Traveling To Europe This Year? Be Sure To Keep These Tips In Mind
Start writing a post

Traveling To Europe This Year? Be Sure To Keep These Tips In Mind

Planning to travel to Europe this year? Be sure to keep these travel tips in mind as you navigate coronavirus requirements!

Traveling To Europe This Year? Be Sure To Keep These Tips In Mind

Whether it's sipping a drink poolside in Ibiza or exploring the ancient Greek ruins in Athens, eating your weight in gelato in Rome, or strolling through an art gallery in Berlin, many of us are dreaming about escaping to Europe right about now…

However, don't forget about the most important thing to actually get there: travel planning!

Traveling is already stressful enough, but doing so during the ongoing pandemic comes with a whole new set of worries. PCR tests, additional forms, keeping up with the ever-changing entry requirements … all of it is enough to make even the most jetsetting traveler a little anxious!

Luckily, that's what this guide is for. This post will go through some of the most important tips when planning a trip to Europe, including extra requirements to keep in mind (such as the Spain FCS form!), practical travel tips, and much more.

Step 1: Check Each Country Individually

Although there are currently 27 member states in the European Union, each one has its own individual rules and regulations when it comes to traveling during the coronavirus.

For example, a country may only let travelers from certain countries enter (usually those with a lower epidemiological risk). Some countries, like France, have a traffic light system that divides tourists into green, orange, and red lists. This depends on which country the person is traveling from, and each list has its own requirements.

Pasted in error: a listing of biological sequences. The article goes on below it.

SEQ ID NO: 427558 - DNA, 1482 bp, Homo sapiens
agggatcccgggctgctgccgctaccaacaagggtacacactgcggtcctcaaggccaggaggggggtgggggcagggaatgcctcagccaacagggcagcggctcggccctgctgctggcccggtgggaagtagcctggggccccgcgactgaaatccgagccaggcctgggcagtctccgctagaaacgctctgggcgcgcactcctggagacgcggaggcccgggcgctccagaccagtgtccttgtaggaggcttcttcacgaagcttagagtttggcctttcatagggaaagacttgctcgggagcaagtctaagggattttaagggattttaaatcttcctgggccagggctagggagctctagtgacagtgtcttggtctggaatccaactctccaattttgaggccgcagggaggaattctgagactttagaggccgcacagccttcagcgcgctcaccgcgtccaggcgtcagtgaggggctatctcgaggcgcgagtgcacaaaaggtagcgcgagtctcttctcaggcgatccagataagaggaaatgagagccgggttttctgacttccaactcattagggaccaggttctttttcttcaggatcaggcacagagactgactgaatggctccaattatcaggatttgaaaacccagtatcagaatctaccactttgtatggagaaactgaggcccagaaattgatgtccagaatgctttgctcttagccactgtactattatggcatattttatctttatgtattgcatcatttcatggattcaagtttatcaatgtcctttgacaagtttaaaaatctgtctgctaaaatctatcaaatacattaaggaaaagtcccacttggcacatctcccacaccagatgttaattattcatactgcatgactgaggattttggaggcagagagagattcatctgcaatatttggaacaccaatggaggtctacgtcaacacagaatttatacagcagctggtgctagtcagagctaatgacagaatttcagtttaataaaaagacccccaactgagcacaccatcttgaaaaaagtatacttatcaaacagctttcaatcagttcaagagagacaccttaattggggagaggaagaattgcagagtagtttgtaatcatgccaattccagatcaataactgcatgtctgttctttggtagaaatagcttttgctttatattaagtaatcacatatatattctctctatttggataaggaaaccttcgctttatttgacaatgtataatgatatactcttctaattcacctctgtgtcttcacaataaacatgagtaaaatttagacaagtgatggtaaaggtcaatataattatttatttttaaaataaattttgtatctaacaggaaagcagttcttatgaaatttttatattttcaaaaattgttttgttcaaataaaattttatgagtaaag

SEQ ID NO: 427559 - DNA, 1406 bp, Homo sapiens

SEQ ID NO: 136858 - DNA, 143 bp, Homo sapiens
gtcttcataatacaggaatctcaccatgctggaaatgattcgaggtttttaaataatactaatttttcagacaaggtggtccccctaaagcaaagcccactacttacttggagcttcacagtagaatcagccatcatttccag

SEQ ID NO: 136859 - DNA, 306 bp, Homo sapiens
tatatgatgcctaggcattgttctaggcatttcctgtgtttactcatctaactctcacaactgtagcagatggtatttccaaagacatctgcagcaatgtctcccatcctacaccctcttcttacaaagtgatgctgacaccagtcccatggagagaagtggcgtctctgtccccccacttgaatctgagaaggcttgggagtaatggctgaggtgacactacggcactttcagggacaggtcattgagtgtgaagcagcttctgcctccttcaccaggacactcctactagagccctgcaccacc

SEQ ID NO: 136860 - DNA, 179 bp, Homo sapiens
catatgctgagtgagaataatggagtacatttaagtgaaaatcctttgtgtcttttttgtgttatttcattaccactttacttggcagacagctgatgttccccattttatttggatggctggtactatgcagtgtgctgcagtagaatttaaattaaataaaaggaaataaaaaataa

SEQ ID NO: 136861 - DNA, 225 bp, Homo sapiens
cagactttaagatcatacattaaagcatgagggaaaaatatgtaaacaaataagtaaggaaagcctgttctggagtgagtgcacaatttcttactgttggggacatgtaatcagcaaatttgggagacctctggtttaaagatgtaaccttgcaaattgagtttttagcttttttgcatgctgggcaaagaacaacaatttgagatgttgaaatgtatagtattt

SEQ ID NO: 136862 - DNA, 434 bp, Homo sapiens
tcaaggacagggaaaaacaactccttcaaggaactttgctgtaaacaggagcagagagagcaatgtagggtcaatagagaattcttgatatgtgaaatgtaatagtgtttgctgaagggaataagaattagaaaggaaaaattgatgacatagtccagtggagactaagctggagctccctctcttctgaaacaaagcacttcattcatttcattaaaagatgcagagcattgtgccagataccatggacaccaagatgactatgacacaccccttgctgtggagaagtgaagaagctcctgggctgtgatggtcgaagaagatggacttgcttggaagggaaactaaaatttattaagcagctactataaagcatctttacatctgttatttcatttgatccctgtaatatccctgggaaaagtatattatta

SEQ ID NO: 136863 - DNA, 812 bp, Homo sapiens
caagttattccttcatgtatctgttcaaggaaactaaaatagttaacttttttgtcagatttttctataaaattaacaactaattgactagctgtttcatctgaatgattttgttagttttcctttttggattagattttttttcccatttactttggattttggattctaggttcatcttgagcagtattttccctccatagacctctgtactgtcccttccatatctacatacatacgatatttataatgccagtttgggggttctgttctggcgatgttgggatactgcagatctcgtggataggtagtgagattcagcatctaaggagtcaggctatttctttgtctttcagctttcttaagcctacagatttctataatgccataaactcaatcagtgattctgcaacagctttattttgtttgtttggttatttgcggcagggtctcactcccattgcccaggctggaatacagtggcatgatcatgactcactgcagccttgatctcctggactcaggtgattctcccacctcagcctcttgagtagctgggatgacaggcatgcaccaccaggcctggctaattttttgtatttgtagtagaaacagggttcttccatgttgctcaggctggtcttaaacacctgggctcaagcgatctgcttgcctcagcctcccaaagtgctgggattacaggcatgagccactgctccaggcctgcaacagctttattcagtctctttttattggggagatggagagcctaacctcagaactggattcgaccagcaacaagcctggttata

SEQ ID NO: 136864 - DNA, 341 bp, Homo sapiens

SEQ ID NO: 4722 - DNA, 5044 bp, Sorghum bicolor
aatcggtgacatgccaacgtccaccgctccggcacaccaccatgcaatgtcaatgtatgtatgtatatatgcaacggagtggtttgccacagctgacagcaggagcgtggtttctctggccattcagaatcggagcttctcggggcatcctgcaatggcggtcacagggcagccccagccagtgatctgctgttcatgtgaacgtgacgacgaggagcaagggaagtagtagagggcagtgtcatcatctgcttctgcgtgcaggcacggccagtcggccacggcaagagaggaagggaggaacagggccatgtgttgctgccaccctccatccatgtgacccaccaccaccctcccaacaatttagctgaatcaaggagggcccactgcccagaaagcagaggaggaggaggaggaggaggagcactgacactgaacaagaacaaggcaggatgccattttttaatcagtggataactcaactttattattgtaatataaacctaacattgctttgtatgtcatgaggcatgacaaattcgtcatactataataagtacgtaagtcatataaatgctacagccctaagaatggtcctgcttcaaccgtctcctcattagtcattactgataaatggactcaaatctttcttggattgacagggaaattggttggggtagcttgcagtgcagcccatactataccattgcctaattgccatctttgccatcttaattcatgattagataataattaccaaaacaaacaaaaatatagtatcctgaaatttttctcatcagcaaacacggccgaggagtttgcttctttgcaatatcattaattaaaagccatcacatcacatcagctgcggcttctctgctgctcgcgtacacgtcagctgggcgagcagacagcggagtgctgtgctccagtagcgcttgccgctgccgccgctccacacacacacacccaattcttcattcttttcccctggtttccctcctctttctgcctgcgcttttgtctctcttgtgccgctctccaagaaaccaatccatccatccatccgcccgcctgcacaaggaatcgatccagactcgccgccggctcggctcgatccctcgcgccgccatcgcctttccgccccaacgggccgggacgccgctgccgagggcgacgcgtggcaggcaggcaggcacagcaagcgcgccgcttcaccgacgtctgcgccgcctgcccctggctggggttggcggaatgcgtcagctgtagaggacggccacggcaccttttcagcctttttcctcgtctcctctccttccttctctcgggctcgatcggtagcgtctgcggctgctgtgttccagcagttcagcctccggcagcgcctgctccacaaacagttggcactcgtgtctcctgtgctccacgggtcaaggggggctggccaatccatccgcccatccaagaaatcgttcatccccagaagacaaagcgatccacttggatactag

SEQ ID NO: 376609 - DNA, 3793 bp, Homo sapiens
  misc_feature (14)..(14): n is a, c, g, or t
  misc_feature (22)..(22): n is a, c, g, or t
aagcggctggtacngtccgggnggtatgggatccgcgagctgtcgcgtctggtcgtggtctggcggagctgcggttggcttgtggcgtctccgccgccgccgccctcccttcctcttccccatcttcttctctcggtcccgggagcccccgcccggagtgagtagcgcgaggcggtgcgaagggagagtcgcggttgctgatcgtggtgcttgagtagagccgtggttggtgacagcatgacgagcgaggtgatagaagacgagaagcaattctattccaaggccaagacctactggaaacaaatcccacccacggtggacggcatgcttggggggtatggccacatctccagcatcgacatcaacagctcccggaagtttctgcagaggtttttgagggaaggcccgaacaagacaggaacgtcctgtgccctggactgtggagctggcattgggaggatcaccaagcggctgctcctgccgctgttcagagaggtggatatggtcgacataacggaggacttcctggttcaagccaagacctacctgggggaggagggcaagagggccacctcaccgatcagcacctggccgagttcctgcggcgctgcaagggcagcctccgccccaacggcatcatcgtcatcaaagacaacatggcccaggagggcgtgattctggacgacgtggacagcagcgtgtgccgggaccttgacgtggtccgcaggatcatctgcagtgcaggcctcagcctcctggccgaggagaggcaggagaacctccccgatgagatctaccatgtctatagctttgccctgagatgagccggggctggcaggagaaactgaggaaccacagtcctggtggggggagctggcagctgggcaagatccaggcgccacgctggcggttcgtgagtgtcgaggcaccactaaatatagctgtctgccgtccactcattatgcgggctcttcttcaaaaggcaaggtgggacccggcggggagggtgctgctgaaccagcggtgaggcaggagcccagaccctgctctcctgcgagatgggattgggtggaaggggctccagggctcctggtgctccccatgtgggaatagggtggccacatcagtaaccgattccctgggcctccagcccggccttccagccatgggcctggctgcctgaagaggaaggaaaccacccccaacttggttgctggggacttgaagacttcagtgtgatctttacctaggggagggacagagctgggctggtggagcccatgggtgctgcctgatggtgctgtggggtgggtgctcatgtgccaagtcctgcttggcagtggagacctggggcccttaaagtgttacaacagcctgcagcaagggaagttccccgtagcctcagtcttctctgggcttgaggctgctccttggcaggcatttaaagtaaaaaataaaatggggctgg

The easiest way to find out a country's requirements is to check their official health or immigration website, or your country's embassy site. For example, those planning a trip to Malta can learn about current entry requirements on Malta's Ministry for Health website. Your country's embassy can also be a good source of information (especially for domestic restrictions and information on PCR testing), such as the U.S. Embassy in Malta site.

It's important to constantly pay attention to these sites (especially a few days before your trip!), as the epidemiological situation may change quickly and, therefore, countries may enact new restrictions in the blink of an eye.

Planning to transit through a country onto your final destination? Don't forget to check entry requirements for transit passengers as well, because some countries have different rules. For example, Germany used to require PCR tests for anyone who was planning to enter the country, but this rule didn't apply for travelers who were simply transiting onto their final destination.

Step 2: Have the Necessary Paperwork

In order to streamline arrivals and make sure visitors (and locals) are safe and healthy, many countries have enacted additional requirements for incoming travelers. This is typically in the form of a mobile application, a passenger locator form, or travel identification code.

One of the most common entry requirements (especially in European Union countries) is a passenger locator form.

This form goes by different names, such as the FCS form (Formulario de Control Sanitario) in Spain or the Digital Passenger Locator Form in Italy, but it has the same basic purpose.

Travelers must complete the country's respective travel health form before they are allowed to enter. The form works by having travelers fill in their contact information, such as their full name, passport information, flight information, and contact details. This is to help control the spread of the coronavirus, and in case a fellow passenger gets sick, is an easy way to locate those who came in contact with them.

Once the form is filled out, travelers will typically get a QR code and/or will be required to show their completed passenger form to the immigration authorities.